Vascular branching geometry relating to portal hypertension: a study of liver microvasculature in cirrhotic rats by X-ray phase-contrast computed tomography

Mengyu Sun, Wenjuan Lv, Xinyan Zhao, Lili Qin, Yuqing Zhao, Xiaohong Xin, Jianbo Jian, Xiaodong Chen, Chunhong Hu

Abstract

Background: Portal hypertension is one of the major complications of cirrhosis. The changes in hepatic microvasculature are considered as critical pathophysiological characteristics of portal hypertension. X-ray phase-contrast computed tomography (PCCT) is a new imaging technique that can detect liver vessels at a micrometric level without contrast agents.
Methods: In this study, male Sprague-Dawley rats with liver cirrhosis induced by carbon tetrachloride (CCl4) or bile duct ligation (BDL) were investigated with PCCT. The portal pressures of rats were recorded before euthanasia. The branch angle and Murray’s deviation (MD) were measured based on the branching geometry of the three-dimensional (3D) microvasculature of liver cirrhosis in rats. Statistical analyses were performed to determine the correlation between branching geometry and portal pressure in liver fibrosis.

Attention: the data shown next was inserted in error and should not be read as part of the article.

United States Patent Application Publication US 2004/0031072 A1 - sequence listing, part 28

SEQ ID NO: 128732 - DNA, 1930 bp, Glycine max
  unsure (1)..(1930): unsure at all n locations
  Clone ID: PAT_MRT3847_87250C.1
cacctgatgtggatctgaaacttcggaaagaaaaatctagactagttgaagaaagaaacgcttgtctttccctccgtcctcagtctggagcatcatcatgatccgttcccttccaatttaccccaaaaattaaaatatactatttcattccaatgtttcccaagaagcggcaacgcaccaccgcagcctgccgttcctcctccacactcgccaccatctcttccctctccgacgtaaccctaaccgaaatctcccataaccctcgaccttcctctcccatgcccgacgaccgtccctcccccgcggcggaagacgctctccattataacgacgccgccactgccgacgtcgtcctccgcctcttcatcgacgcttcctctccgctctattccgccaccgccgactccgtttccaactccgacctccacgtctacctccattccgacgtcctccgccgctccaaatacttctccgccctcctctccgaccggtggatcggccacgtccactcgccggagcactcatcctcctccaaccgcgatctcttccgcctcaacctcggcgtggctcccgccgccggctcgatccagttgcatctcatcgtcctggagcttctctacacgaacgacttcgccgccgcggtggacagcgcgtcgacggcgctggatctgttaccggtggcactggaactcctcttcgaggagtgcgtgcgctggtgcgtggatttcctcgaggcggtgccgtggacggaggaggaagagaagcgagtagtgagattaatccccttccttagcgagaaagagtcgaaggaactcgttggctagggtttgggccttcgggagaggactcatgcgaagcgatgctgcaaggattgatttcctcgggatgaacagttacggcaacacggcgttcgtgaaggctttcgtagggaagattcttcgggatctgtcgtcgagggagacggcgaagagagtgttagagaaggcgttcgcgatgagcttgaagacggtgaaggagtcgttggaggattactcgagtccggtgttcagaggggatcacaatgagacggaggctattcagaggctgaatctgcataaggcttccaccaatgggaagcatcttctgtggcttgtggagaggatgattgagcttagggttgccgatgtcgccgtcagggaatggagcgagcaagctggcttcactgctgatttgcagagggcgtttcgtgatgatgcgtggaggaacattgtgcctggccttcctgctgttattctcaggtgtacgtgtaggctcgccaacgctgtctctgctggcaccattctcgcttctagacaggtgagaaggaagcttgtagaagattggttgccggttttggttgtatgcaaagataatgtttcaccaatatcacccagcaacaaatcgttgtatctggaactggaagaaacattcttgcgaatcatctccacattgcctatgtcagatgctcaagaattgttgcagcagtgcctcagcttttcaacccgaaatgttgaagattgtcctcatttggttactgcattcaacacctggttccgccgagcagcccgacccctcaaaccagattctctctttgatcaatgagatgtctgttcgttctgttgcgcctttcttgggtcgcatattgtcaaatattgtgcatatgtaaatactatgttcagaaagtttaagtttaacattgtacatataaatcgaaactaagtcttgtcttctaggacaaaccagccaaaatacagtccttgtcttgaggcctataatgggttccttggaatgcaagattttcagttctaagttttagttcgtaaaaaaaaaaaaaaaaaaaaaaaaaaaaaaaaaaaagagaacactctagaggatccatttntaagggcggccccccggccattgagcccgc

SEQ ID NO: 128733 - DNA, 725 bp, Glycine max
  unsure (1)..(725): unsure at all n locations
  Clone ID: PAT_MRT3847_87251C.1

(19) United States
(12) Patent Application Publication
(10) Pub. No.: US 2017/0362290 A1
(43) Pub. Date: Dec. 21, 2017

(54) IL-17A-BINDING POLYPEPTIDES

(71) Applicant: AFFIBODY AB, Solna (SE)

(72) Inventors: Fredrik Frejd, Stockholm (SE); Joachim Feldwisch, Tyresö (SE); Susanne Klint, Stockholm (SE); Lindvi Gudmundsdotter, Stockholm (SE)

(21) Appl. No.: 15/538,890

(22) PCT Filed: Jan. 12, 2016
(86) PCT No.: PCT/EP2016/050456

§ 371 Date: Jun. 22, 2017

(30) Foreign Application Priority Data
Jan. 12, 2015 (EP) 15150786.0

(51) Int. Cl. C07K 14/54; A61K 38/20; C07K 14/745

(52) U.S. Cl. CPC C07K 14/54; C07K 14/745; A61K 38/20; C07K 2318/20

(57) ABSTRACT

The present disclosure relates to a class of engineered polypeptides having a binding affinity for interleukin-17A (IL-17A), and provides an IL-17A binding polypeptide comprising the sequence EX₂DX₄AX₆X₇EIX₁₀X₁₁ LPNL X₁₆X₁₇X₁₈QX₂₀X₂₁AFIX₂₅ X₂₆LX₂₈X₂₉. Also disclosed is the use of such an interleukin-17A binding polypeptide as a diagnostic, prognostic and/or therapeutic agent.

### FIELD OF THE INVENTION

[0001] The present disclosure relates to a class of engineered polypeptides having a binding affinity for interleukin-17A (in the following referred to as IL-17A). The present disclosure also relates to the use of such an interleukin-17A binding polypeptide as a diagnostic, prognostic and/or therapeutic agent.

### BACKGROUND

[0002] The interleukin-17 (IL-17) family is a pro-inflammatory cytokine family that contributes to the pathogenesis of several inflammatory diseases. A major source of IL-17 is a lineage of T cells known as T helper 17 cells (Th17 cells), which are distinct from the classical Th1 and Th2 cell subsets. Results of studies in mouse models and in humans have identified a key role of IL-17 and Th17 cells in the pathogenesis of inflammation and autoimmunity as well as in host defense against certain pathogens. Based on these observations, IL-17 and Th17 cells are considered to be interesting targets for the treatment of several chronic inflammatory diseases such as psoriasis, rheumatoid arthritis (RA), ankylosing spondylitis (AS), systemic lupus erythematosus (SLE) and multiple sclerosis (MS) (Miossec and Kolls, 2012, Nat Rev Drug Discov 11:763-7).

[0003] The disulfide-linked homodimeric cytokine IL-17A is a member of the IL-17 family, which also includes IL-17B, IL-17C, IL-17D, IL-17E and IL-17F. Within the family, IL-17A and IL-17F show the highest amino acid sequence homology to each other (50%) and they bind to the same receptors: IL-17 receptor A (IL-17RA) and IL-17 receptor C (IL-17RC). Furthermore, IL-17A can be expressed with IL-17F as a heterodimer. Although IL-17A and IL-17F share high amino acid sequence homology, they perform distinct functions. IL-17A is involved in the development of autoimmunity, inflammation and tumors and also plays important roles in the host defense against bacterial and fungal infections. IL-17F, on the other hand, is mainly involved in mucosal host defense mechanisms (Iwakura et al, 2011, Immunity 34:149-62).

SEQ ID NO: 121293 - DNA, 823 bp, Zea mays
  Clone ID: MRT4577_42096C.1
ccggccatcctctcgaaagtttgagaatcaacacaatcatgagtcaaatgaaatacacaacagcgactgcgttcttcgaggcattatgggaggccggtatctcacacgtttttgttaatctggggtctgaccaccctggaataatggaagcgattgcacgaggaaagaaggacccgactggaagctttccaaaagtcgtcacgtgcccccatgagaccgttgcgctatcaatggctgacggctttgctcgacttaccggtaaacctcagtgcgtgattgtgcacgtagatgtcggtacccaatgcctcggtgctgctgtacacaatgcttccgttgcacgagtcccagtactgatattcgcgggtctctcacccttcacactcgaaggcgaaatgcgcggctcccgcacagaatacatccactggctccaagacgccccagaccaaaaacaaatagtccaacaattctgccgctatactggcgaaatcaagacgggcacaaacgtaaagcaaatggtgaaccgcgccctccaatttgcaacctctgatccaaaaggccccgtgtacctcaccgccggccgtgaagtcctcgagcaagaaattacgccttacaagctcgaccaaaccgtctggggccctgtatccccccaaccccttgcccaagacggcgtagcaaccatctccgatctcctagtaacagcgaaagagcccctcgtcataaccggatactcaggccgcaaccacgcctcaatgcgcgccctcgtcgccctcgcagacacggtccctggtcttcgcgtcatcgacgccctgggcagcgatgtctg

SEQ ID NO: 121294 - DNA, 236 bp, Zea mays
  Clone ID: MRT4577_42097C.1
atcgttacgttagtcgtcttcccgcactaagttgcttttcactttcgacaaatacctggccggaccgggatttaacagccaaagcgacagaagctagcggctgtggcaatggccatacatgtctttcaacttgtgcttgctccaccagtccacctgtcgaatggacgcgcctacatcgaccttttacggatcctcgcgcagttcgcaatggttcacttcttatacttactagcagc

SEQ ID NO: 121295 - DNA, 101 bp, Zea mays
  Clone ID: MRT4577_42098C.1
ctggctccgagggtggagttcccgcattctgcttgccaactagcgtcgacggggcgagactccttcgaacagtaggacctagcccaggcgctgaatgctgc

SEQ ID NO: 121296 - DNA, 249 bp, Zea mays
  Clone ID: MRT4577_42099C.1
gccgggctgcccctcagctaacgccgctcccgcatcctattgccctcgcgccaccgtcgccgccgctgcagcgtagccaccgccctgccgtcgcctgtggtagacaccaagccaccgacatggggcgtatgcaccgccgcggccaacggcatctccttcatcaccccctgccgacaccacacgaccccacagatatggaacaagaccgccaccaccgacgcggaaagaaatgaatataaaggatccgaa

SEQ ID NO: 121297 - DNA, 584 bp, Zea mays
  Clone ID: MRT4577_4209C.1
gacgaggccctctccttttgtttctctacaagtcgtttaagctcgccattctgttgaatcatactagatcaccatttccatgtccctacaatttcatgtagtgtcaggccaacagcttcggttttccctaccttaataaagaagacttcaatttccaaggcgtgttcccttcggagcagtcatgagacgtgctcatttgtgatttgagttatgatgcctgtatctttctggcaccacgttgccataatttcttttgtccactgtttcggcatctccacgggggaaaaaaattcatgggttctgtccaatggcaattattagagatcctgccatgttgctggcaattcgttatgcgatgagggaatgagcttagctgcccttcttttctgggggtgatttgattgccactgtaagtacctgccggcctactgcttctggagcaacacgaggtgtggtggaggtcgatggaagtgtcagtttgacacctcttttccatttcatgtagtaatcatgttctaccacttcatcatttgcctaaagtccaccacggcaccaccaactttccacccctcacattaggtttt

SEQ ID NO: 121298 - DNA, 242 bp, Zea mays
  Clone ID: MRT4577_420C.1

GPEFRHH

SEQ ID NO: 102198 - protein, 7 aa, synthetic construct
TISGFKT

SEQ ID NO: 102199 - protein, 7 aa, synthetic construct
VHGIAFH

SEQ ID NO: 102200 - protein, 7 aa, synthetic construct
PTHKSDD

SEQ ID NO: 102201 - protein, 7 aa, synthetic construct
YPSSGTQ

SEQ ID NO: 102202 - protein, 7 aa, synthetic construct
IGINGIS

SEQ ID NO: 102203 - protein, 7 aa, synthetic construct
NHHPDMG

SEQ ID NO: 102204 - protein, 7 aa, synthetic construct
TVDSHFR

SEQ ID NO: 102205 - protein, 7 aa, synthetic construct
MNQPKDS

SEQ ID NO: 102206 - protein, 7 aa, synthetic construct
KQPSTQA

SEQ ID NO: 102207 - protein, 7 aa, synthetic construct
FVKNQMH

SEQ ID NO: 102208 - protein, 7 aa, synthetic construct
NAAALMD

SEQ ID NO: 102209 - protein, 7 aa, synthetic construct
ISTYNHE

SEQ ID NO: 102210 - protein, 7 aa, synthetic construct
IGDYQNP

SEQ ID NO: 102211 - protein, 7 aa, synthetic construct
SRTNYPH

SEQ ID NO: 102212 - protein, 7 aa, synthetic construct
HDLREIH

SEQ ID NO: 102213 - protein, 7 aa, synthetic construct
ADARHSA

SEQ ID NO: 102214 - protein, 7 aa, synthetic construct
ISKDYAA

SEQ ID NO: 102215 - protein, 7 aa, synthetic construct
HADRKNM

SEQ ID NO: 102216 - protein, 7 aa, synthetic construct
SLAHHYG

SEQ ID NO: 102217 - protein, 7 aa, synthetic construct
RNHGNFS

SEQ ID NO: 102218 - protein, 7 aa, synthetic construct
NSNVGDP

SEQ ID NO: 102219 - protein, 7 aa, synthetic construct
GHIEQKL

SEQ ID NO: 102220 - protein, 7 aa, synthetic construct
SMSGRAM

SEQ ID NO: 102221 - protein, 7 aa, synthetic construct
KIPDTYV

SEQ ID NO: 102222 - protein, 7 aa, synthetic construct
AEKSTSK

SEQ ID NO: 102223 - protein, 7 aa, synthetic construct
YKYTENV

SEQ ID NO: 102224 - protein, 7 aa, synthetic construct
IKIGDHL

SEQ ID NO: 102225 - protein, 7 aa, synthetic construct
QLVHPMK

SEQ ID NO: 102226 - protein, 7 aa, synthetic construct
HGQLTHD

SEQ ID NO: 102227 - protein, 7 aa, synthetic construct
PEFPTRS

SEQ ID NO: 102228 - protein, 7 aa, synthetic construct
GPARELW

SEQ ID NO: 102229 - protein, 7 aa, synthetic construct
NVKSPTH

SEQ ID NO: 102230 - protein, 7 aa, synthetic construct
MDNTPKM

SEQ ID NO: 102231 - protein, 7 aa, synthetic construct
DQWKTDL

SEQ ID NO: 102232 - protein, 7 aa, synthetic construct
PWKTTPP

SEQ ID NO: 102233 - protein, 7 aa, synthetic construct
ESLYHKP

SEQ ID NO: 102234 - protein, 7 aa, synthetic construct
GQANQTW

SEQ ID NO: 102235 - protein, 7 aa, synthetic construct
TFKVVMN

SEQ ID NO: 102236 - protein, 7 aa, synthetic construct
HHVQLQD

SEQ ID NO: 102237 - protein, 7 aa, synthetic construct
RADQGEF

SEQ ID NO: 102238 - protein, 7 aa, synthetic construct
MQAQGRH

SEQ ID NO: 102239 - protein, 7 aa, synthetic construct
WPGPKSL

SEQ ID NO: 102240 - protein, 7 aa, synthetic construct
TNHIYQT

Results: The results demonstrated that the branch angle and MD significantly increased in the CCl4 model and BDL model compared with their corresponding normal group or sham group. The portal pressure was significantly correlated with the branching morphologic features (all R≥0.761 and P<0.01).
Conclusions: The branch angle and MD could accurately distinguish portal pressure in cirrhotic rats, suggesting that branching geometric characteristics of the microvasculature may be a promising marker in the prognosis of portal hypertension in liver cirrhosis.